Voluntourism: What to expect in 2021

Mountains and a valley are seen in the distance.

Voluntourism has changed. Here's how to get involved today — and what to expect in the future.

Voluntourism, or a vacation spent volunteering, gives you the opportunity to invest your time and wealth on a deeper level while enjoying a region’s culinary, cultural, or ecological experiences. But with travel limits in place because of the coronavirus pandemic, what options are out there in 2021?

Here are ways to still offer help, plus voluntourism opportunities to expect in the future.

What you can do today

Consider virtual voluntourism opportunities. With virtual volunteering, you can meet new people and make a difference from the safety of your home. Some voluntourism organizations that offer opportunities, such as United Planet, even offer a discount on future in-person trips if you become a virtual volunteer.

Though right now we can’t enjoy the “tourism” part of voluntourism, you can still use your skills and background to guide you to your next volunteer opportunity. For example, if you have a business background, you could mentor a small-business owner anywhere in the world to help them develop their skills and capacities to come out of the pandemic more competitively.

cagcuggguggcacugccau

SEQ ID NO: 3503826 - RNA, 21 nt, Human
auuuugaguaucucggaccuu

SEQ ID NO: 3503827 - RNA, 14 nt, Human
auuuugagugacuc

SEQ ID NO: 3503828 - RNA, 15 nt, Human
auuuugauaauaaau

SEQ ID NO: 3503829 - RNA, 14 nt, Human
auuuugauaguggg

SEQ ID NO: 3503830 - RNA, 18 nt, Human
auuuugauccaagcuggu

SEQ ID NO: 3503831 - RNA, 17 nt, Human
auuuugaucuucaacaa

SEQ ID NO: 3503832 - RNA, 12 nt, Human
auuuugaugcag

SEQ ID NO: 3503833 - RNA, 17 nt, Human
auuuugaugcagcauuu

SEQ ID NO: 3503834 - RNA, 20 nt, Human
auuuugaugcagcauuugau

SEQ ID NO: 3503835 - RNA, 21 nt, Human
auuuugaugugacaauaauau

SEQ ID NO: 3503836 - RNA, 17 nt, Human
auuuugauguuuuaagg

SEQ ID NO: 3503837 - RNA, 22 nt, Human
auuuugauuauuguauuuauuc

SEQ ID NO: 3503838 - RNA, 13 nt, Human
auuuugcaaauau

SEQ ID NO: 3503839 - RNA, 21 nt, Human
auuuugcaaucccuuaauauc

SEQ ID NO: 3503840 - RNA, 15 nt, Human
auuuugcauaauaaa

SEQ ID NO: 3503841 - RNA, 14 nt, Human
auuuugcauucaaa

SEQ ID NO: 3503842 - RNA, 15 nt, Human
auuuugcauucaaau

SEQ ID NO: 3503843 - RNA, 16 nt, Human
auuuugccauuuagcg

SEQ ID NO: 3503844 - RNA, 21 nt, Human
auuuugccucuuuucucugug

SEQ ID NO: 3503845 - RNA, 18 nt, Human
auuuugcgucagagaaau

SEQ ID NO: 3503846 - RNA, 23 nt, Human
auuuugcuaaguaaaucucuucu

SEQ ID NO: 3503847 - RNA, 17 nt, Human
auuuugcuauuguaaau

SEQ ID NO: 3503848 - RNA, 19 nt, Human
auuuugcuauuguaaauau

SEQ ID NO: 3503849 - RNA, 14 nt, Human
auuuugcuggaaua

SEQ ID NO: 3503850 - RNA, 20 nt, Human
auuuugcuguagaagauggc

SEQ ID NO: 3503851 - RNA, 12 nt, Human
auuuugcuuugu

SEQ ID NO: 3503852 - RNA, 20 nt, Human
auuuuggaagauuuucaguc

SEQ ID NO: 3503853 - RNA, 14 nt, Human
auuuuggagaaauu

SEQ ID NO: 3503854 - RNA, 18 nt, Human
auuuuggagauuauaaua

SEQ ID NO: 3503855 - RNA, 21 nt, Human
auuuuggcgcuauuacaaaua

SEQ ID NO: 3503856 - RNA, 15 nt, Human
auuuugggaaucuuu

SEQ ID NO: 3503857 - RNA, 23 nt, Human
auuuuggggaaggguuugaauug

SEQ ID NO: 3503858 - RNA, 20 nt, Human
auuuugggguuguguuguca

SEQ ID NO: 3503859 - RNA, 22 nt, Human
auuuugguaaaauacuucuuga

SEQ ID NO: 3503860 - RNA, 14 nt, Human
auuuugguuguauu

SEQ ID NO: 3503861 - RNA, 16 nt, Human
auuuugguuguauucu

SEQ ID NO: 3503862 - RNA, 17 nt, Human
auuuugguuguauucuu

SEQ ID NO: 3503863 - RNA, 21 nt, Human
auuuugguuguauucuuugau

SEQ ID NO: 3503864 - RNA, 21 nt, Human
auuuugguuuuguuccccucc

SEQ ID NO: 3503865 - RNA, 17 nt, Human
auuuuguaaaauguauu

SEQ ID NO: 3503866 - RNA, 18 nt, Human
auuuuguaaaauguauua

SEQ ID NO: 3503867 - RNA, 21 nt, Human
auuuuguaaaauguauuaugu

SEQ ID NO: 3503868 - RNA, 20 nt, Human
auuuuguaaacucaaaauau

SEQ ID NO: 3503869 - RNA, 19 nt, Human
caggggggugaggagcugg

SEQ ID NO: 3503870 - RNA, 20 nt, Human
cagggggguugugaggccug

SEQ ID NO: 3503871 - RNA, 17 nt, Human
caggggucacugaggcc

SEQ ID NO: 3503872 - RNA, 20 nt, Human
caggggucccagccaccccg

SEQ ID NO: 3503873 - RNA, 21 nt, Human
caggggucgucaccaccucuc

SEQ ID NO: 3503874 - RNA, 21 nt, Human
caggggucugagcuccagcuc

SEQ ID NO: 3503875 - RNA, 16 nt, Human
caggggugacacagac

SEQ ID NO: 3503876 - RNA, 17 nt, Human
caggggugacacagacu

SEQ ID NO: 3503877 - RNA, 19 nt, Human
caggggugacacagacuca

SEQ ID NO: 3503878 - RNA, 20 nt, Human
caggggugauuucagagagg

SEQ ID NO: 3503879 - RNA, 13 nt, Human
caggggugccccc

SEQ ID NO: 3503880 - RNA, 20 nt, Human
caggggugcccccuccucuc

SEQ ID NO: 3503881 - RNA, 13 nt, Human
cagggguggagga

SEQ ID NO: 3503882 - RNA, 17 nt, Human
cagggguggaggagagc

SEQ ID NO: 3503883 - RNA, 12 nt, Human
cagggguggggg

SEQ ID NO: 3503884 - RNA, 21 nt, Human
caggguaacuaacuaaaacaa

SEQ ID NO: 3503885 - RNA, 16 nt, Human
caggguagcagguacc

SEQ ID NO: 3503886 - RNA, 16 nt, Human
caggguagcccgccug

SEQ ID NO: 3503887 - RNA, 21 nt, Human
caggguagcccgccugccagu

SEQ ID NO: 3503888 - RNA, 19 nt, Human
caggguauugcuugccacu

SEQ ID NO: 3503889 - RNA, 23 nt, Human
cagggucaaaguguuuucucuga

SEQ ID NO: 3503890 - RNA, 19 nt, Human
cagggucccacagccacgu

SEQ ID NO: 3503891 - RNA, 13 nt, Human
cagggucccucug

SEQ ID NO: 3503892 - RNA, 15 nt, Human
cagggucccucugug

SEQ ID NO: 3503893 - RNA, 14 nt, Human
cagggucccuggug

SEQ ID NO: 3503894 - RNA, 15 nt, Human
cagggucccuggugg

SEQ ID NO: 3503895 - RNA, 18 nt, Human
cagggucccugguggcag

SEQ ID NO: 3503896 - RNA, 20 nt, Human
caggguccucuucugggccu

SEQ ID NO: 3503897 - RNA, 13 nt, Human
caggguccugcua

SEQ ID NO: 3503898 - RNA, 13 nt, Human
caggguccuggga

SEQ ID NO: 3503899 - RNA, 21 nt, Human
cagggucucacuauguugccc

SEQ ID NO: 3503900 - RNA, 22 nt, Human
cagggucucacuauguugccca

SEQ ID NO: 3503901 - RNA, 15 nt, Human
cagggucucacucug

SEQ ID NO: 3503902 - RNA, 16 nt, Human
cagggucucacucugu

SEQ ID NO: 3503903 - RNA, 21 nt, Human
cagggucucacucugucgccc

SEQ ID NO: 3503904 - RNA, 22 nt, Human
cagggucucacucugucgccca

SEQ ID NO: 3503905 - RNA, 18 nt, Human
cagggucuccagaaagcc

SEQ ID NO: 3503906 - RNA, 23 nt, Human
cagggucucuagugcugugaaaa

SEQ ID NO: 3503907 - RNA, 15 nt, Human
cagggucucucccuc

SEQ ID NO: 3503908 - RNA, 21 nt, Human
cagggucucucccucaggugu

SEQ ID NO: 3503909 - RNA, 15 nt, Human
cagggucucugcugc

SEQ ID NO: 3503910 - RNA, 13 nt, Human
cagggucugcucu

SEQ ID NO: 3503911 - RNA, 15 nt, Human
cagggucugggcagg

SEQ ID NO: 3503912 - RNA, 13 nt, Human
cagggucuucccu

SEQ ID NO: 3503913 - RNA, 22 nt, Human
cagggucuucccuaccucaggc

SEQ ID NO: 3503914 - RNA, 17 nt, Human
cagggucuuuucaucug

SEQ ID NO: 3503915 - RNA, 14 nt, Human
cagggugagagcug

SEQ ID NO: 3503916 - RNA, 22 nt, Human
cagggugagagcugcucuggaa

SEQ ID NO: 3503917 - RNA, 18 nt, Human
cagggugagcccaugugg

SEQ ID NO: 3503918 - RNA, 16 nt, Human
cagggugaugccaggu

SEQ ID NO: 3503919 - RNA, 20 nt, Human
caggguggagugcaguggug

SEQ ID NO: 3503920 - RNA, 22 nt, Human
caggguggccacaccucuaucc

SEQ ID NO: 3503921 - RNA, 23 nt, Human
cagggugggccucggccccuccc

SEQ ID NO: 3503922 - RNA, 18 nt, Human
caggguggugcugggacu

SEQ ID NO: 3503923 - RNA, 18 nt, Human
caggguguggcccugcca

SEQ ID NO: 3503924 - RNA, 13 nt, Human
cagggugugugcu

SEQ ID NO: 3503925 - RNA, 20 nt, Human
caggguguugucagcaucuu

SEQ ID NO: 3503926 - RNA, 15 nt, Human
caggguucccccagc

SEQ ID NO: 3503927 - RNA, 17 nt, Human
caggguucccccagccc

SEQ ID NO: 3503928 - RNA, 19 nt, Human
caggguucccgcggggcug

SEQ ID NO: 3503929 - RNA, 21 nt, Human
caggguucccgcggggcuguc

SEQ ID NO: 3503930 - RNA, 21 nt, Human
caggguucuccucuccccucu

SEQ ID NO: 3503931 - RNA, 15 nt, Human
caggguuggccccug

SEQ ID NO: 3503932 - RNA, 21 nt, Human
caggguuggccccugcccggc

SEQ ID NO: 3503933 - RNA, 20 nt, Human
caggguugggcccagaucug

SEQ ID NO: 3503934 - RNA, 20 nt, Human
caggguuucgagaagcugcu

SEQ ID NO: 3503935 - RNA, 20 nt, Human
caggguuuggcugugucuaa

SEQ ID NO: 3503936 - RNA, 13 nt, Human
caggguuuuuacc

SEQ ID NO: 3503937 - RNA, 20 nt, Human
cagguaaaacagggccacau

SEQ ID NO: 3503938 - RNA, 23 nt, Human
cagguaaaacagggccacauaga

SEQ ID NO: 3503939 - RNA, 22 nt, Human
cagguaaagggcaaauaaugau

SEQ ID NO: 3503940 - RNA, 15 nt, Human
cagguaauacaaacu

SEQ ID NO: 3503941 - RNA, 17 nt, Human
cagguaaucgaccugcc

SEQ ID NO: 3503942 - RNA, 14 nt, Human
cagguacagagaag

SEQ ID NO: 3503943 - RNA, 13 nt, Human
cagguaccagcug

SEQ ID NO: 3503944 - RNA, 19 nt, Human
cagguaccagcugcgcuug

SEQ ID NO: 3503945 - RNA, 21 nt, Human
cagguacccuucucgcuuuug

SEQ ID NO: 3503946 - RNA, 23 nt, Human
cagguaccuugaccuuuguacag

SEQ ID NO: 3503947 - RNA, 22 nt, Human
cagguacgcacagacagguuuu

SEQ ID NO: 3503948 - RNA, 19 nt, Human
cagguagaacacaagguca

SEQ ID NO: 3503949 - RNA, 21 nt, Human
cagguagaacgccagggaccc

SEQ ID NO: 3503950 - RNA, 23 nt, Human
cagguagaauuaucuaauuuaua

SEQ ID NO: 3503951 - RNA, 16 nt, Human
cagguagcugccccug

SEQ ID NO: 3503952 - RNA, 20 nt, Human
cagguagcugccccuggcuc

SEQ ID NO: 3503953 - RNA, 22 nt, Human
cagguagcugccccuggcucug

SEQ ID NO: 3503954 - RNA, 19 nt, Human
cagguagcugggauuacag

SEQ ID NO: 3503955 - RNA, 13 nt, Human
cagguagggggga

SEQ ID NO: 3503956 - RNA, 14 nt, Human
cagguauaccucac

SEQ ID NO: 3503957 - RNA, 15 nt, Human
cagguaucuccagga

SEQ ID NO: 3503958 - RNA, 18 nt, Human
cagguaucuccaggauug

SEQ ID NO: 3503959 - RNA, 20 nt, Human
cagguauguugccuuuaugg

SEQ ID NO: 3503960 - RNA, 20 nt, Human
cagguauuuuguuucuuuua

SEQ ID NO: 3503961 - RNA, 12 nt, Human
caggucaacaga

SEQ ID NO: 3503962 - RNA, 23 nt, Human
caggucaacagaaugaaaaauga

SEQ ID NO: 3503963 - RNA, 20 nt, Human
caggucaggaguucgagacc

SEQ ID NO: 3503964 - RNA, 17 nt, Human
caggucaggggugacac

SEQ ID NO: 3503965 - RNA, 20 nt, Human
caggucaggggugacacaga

VolunteerMatch lists remote volunteer opportunities, including at zoos, to help with social media promotion efforts. There’s also MapSwipe, where volunteers use their mobile phones to help pinpoint areas where people have been affected by disasters, disease, and conflict so they can get the help they need.

No matter your background or interests, there is a way for you to make a direct impact on important causes.

Make financial donations to help sustain voluntourism efforts. The tourism industry has taken a big hit since the start of the pandemic, with many countries prohibiting international and domestic travelers, including many U.S. states implementing their own travel restrictions. Michele Gran, cofounder and senior vice president of Global Volunteers, a nonprofit based in St. Paul, Minnesota, says donations have been an essential part of keeping their programs going until volunteers can return. Along with providing income for staff, donations to Global Volunteers help fund community-based programs that provide essential services to families and children.

“We’ve existed this entire year on the generosity of our alumni,” says Gran, who founded Global Volunteers in 1984 with her husband, Burnham Philbrook. “They have by and large kept us afloat. It’s been quite gratifying.”

How you could be helping after the pandemic

With coronavirus vaccines potentially becoming available to greater numbers of people in the months ahead, voluntourism opportunities are likely to start to reemerge throughout 2021. Gran, for example, hopes Global Volunteers will resume its programs in spring or summer 2021.

“We’re hoping that by maybe June or July, a good portion of our volunteers will be in a position to travel again,” Gran says. “The vast majority of our volunteers that we’ve surveyed have said that once they can be vaccinated, they feel confident about travel. That’s why we’re optimistic.”

Voluntourism opportunities may look different in the wake of the pandemic, but they will return — and for those interested in travel as well as philanthropy, there may be no more rewarding way to see the world.